35 S HOULD THE GOVERNMENT PUT MORE FOCUS ON MAKING PEOPLE HAPPIER VS WEALTHIER ? Should happiness be the measure of a counties well being? BBC survey found 81% of the population think the government should focus on making people happier rather than wealthier. Happiness was associated with health levels (correlation 0.62), followed by wealth (0.52) then education (0.51) Positive psychology: conducts research that looks to promote human happiness and well-being Experience of positive emotions is also associated with: trust, safety, and lack of corruption

36 B IOLOGICAL FACTORS IN HAPPINESS People adapt to their environment: habituation – we become use to the way things are. We adjust to noise or disabilities or even lose the excitement of a new car – things that once shined bright, begin to pale. Humans have an inner voice of dissatisfaction that prompts them to strive for more. Humans tend to notice trouble Tend to focus on the negative aspects Survival technique???

37 G ENETICS Happiness Twin Study - compared happiness scores among sets of identiacal and fraternal twins who grew up together or apart. Mostly white and born in Minnesota. Identical twins are very similar in their happiness scores (raised together or apart) Fraternal twins do not show same pattern Conclusion: each individual has a genetic set point, or innate baseline of happiness, and that 50% of peoples happiness is genetically determined. Refer pg 99 for more information. Pros and cons?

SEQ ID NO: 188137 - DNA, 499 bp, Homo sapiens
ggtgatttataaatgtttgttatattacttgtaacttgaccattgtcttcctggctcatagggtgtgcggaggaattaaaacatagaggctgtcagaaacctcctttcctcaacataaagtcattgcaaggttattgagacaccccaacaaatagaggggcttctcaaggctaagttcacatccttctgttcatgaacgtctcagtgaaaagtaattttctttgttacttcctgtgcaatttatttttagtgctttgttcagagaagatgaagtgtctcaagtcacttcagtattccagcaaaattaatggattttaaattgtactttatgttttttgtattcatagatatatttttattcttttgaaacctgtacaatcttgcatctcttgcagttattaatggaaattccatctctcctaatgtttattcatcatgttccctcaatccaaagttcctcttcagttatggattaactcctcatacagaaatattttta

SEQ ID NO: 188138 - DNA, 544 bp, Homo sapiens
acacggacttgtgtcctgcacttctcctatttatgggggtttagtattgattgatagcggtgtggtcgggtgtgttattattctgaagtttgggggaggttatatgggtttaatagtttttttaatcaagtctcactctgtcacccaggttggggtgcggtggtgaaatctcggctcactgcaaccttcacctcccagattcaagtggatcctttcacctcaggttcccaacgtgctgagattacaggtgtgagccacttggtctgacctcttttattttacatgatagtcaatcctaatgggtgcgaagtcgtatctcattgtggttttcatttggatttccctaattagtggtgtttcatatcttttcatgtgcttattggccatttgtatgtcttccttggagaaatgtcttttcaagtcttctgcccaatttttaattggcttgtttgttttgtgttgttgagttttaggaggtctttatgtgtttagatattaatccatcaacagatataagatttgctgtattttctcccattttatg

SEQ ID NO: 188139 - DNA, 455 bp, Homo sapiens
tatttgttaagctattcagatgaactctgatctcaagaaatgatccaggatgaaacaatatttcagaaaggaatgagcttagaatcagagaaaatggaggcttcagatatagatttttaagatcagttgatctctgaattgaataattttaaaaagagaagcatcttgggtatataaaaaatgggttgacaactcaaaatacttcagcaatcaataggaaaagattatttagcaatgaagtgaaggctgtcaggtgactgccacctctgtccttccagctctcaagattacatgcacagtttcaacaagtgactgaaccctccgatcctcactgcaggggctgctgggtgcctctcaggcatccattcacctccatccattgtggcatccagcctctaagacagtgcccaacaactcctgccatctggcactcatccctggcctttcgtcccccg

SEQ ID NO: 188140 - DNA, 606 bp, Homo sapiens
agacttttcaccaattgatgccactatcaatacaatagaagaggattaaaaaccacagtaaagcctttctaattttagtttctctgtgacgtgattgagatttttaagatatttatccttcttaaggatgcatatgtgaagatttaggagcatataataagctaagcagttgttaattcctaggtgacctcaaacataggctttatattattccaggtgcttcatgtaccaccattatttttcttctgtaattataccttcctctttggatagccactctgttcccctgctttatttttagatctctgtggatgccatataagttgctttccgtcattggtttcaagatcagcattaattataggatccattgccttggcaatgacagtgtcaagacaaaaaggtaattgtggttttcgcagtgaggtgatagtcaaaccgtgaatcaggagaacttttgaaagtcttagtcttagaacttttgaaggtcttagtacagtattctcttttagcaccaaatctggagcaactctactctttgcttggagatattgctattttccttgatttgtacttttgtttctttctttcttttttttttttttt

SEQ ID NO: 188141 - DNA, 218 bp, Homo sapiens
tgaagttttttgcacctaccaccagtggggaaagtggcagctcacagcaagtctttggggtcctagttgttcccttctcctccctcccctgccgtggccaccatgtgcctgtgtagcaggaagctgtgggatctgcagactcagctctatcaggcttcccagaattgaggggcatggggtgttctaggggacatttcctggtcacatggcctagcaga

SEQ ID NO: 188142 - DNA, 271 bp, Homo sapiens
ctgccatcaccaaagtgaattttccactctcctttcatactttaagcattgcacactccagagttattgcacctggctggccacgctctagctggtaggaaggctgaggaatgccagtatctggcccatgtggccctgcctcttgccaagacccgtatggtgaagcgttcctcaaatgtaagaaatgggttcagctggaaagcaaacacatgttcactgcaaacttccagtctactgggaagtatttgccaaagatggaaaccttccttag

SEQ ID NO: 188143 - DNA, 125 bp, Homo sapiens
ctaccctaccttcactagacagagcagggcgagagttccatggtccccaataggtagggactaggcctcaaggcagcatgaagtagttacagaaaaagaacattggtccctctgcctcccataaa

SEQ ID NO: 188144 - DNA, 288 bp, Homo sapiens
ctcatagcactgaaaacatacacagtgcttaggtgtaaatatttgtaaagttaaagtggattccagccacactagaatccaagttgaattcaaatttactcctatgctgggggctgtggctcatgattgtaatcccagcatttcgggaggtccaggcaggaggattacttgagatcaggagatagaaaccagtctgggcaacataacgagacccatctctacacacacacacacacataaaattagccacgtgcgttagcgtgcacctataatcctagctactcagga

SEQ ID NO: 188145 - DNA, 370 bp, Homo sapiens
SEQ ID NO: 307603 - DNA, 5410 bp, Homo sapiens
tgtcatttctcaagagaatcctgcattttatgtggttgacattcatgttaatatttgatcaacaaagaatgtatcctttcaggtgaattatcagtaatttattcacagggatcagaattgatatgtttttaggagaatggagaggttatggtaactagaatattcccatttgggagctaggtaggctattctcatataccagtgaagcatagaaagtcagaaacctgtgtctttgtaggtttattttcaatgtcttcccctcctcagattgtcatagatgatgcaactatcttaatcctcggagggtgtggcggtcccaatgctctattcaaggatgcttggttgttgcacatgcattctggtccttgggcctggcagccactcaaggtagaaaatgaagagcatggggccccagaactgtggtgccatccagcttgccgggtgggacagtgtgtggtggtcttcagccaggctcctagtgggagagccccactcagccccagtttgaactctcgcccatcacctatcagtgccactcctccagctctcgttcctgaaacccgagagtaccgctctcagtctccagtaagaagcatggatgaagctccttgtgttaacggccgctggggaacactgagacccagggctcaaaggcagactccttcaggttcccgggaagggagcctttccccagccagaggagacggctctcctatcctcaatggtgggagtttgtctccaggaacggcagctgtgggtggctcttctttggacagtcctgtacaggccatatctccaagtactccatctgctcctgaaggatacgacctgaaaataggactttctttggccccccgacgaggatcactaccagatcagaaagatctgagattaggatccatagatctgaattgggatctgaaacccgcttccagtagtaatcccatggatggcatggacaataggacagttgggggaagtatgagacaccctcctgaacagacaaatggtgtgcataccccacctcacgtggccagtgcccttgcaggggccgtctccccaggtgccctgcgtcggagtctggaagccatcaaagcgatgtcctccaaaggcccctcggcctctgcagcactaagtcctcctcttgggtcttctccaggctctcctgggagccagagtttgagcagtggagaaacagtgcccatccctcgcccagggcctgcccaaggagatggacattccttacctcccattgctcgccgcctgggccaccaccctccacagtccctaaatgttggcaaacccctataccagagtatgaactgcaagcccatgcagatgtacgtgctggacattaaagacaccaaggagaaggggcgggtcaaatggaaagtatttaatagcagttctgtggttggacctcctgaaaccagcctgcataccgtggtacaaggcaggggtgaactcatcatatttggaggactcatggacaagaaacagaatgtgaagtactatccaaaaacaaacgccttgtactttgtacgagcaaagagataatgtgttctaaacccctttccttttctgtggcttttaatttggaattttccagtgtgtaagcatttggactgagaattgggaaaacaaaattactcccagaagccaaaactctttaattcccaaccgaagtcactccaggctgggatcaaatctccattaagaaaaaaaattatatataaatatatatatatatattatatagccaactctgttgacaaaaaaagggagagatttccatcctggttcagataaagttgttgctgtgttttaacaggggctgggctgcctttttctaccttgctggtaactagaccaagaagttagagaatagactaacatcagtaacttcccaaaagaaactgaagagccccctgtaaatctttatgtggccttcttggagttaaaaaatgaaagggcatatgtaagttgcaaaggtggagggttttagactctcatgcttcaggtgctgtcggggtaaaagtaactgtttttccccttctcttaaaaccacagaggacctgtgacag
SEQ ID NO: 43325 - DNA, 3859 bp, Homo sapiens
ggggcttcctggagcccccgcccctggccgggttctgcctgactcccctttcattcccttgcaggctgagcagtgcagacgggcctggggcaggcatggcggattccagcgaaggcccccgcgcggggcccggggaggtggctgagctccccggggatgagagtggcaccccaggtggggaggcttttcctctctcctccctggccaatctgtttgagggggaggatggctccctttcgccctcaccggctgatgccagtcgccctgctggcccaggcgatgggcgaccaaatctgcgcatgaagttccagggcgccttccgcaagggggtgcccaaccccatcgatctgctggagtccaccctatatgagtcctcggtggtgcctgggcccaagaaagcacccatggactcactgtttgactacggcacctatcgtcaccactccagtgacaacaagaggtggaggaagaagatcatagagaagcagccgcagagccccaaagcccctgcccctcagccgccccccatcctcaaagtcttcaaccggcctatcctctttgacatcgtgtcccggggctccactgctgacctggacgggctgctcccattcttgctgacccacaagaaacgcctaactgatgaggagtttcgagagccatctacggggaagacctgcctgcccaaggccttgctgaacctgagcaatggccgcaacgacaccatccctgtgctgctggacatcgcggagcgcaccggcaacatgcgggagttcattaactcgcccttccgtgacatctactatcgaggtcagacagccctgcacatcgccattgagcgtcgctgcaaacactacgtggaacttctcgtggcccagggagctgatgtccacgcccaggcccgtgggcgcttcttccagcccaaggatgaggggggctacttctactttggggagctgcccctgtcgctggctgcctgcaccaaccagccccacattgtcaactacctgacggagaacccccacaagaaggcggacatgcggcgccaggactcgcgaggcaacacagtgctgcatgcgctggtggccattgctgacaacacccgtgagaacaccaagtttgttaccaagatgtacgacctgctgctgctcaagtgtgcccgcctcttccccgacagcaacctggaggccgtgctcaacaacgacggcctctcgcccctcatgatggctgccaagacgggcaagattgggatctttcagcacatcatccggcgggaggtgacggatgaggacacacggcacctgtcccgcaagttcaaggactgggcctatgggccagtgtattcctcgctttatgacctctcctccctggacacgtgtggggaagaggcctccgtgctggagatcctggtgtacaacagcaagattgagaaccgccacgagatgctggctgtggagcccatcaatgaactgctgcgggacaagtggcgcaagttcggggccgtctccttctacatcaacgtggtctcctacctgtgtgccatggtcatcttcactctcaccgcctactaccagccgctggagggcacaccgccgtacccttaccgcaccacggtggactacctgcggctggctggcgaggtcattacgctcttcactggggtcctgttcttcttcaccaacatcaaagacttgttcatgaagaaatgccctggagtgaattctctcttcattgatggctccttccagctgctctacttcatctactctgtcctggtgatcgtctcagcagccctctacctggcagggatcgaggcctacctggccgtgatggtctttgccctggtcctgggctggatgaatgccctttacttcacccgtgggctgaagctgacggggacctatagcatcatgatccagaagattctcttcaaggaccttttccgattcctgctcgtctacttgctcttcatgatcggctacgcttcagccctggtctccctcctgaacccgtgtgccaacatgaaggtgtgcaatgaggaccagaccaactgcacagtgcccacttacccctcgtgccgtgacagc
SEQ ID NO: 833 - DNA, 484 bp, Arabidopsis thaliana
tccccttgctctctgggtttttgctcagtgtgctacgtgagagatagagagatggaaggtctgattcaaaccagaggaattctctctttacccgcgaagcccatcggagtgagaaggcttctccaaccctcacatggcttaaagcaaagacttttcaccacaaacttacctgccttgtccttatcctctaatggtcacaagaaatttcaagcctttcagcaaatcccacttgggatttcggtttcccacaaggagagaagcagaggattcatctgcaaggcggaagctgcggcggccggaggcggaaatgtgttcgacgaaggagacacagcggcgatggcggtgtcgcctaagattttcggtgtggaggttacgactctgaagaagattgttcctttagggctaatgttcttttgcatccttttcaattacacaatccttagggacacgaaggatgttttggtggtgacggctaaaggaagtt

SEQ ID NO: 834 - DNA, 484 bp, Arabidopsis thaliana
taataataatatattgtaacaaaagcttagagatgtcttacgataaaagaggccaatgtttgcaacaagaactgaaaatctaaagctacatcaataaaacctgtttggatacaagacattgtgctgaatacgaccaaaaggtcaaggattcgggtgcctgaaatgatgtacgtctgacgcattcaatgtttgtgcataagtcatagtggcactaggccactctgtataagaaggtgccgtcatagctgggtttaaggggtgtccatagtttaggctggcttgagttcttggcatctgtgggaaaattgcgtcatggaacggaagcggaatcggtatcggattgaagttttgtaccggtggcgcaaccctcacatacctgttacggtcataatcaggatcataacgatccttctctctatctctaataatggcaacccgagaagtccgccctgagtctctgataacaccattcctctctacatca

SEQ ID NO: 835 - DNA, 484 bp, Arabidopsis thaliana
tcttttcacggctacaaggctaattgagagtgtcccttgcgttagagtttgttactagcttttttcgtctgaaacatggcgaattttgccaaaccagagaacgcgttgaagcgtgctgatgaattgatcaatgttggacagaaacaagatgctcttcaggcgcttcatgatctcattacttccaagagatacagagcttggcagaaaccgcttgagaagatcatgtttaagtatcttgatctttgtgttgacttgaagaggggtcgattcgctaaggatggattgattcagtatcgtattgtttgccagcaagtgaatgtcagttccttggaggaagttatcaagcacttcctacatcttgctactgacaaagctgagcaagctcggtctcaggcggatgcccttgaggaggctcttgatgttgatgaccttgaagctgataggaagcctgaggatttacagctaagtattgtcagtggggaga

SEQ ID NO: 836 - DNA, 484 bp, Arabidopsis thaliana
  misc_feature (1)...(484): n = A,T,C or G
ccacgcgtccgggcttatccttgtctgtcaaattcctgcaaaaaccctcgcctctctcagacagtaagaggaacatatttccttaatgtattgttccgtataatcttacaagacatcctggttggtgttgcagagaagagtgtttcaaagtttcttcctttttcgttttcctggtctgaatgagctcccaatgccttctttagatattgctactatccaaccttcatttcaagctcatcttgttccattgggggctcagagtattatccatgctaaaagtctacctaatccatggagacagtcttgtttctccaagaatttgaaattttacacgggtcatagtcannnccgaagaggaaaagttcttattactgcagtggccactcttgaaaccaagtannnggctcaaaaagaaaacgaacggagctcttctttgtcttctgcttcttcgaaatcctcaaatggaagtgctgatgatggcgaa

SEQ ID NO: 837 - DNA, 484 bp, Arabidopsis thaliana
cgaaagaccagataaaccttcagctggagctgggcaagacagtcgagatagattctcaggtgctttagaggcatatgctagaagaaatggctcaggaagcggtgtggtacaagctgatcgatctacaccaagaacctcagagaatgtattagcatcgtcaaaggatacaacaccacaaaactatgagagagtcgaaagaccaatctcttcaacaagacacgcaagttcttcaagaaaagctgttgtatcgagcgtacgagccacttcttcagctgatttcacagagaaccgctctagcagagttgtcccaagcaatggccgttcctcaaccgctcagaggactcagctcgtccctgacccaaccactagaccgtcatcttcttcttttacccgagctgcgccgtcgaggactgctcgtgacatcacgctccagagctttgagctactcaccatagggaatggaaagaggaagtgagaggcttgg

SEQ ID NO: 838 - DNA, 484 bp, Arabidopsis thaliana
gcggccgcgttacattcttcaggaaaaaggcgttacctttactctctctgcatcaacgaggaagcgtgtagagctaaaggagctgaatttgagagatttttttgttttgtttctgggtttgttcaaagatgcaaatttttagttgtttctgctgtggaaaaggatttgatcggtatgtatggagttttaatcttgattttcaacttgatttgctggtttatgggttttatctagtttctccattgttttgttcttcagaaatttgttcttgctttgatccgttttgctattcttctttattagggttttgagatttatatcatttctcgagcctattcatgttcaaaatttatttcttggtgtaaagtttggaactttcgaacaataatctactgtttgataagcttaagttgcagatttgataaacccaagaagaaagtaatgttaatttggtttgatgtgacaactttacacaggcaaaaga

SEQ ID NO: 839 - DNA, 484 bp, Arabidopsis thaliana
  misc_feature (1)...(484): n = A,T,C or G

38 S ONJA L YUBOMIRSKY, T HE H OW OF H APPINESS (2007) What do you think are characteristics or the recipe for happiness? Devote a lot of time to friends and family Can easily express gratitude for what they have Often the first to offer help to people in need Optimistic outlook on the future Enjoy pleasures of life and live in the present Spend time doing physical exercise Committed to lifelong goal and ambitions such as fighting fraud Cope well in times of crisis

39 E XTENDED E SSAY I DEAS ….. Does culture matter in happiness? To what extent is it possible to increase one’s happiness level? Why is there a difference in peoples beliefs about happiness and what psychology research shows?

40 E VALUATE ONE THEORY OF HOW EMOTIONS MAY AFFECT ONE COGNITIVE PROCESS.